This Week in Sound: “Deepfake Birds” & “Oenesthesia”

A lightly annotated clipping service

These sound-studies highlights of the week originally appeared in the October 25, 2022, issue of the free weekly email newsletter This Week in Sound:

PUT A CORK IN IT: “[In Charles] Spence and Janice Wang’s 2017 study, 140 tasters with a range of wine expertise were asked to rate a pour. After hearing the sound of a cork popping, their quality ratings went up 15% and their celebratory ratings rose 20% — even though they were drinking the exact same sparkling.” Spence heads the Crossmodal Research Laboratory at Oxford, and Rebecca Deurlein at Wine Enthusiast looks into how sound influences taste. “As multisensory and experiential wine research continues, the terms ‘sonic seasoning’ and ‘oenesthesia’ have entered scientists’ conversations”

FLIGHT CLUB: Brian Eno explains to Wired interviewer Sophie Charara that some of the birds heard on his new album, ForeverAndEverNoMore, are, in fact, faked — or, to use a more current term, deepfaked: “I just listen to bird sounds a lot and then try to emulate the kinds of things they do. Synthesizers are quite good at that because some of the new software has what’s called physical modeling. This enables you to construct a physical model of something and then stretch the parameters. You can create a piano with 32-foot strings, for instance, or a piano made of glass. It’s a very interesting way to try to study the world, to try to model it. In the natural world there are discrete entities like clarinets, saxophones, drums. With physical modeling, you can make hybrids like a drummy piano or a saxophone-y violin. There’s a continuum, most of which has never been explored.”

DR. WHOOSH: I love local news. I love hyper-local news. I love hyper-local news about noise. I love hyper-local news about noise that seems to suggest there was a mysterious noise that caused substantial confusion (“Residents living around the Croydon Flyover spent much of the weekend wondering what the eerily strange, out-of-this-world noise was coming from one of the new-build towers”) only, upon solving the mystery, to clarify maybe not (“Staff at the site say that they received only half a dozen or so calls about the noise, and that they apologise for the inconvenience”). Says one resident of the location where the noise originated: “It almost sounded like it might have been a helicopter that had landed, maybe the air ambulance. But it just went on and on, a whooshing noise, all night long.” Another witness suggests it “sounded like something off Doctor Who, when the aliens land.” Those investigating the situation did learn at least one thing in the process: “the council no longer has a 24-hour reporting line for noise pollution, despite having a phone number on their online form.” And here’s what appears to be the final word: “Investigations by Inside Croydon have found that a fire alarm in Kindred House had been set off inadvertently. Sources at the site suggest that it could have been something as innocent as a pigeon getting into the building.”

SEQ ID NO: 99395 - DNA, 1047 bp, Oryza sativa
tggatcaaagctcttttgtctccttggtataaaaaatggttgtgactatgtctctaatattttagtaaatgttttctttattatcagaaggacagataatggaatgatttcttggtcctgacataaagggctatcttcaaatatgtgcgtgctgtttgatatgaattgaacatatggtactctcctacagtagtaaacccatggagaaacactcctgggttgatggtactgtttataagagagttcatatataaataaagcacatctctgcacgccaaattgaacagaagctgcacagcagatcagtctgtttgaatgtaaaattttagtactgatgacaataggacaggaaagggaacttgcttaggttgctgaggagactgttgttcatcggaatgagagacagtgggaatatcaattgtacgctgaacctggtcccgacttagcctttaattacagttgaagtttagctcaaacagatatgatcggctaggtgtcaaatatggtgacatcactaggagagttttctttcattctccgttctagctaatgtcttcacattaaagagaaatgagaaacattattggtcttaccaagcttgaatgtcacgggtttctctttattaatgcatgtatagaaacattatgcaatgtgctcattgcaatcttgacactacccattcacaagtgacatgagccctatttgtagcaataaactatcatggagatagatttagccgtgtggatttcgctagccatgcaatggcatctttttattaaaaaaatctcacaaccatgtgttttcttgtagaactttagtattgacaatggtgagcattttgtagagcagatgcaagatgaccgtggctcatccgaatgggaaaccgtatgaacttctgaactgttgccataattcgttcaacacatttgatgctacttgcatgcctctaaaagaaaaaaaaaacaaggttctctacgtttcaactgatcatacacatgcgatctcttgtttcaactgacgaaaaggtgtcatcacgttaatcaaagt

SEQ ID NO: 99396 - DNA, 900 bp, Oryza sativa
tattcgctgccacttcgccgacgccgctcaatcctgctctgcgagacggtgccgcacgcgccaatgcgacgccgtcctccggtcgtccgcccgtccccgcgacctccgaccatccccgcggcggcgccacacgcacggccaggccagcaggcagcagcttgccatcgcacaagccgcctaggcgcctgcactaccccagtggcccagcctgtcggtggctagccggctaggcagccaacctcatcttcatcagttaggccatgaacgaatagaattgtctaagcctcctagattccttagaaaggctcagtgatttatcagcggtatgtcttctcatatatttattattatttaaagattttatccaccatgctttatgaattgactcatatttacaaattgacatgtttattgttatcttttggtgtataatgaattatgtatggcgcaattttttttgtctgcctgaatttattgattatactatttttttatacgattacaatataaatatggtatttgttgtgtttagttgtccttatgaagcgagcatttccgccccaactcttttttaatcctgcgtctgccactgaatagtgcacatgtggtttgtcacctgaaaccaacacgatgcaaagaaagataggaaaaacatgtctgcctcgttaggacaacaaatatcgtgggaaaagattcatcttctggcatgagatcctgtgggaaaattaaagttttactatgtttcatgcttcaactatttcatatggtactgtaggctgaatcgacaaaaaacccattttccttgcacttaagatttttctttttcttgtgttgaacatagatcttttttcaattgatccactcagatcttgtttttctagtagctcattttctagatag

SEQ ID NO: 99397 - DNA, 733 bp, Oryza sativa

CRUNCH TIME: Coverage of a panel discussion about the development of a sonic logo for Tostitos, the popular snack food: look past generic buzzwords like “authentic” (Tostitos? “Authentic”?), and note both some research-informed self-awareness on the part of the parent company, Frito-Lay (which “found evidence that consumers go for their dip first and the ‘carrier,’ or chip, second”), and some significant usage data (“Ads with sonic branding elements see an uplift in attention by 8.5 times those that don’t” and “[T]here was a 38% increase in brand recall stemming from the audio addition”) — all with a sound element that lasts barely 1.5 seconds.

GAME ON: Even casual video games benefit from considered sound design, according to Azur, the studio that created such titles as Stack Ball, Worms Zone, and Bottle Jump 3D: “[T]he company has found out that over 50% of hyper-casual gamers play with the sound turned on.” It’s also refreshing to hear such practical concerns leavening the user-data analysis: “The sound design in games should be practical first, but at the same time, you shouldn’t forget about the artistic value. This is the main challenge of working in game development: finding a sound that complements the gameplay and doesn’t annoy the players after they hear it for a few hours.”

REMEMBER THE AL-GORITHM: “The Texas attorney general filed a privacy lawsuit against Google on Thursday, accusing the internet company of collecting Texans’ facial- and voice-recognition information without their explicit consent.” The law has been on the books since 2009. “Until this year, Texas” — which must, per the legislation, sue on the behalf of consumers — “had not enforced its law.” This year is an election year, and the attorney general is up for re-election.

LIFE LINE: “[S]ound is a universal and perhaps older mechanism of communicating information in nature than sight. When life evolved on Earth, before creatures had eyes, they had cilia. Cilia are essentially one of the major mechanisms that are used to send sound. If you think about it, it makes perfect sense. There’s a great evolutionary advantage to being sensitive to other creatures and sound as a primordial way of conveying that information.” That’s from an interview with Karen Bakker about her new book, The Sounds of Life: How Digital Technology Is Bringing Us Closer to the Worlds of Animals and Plants.

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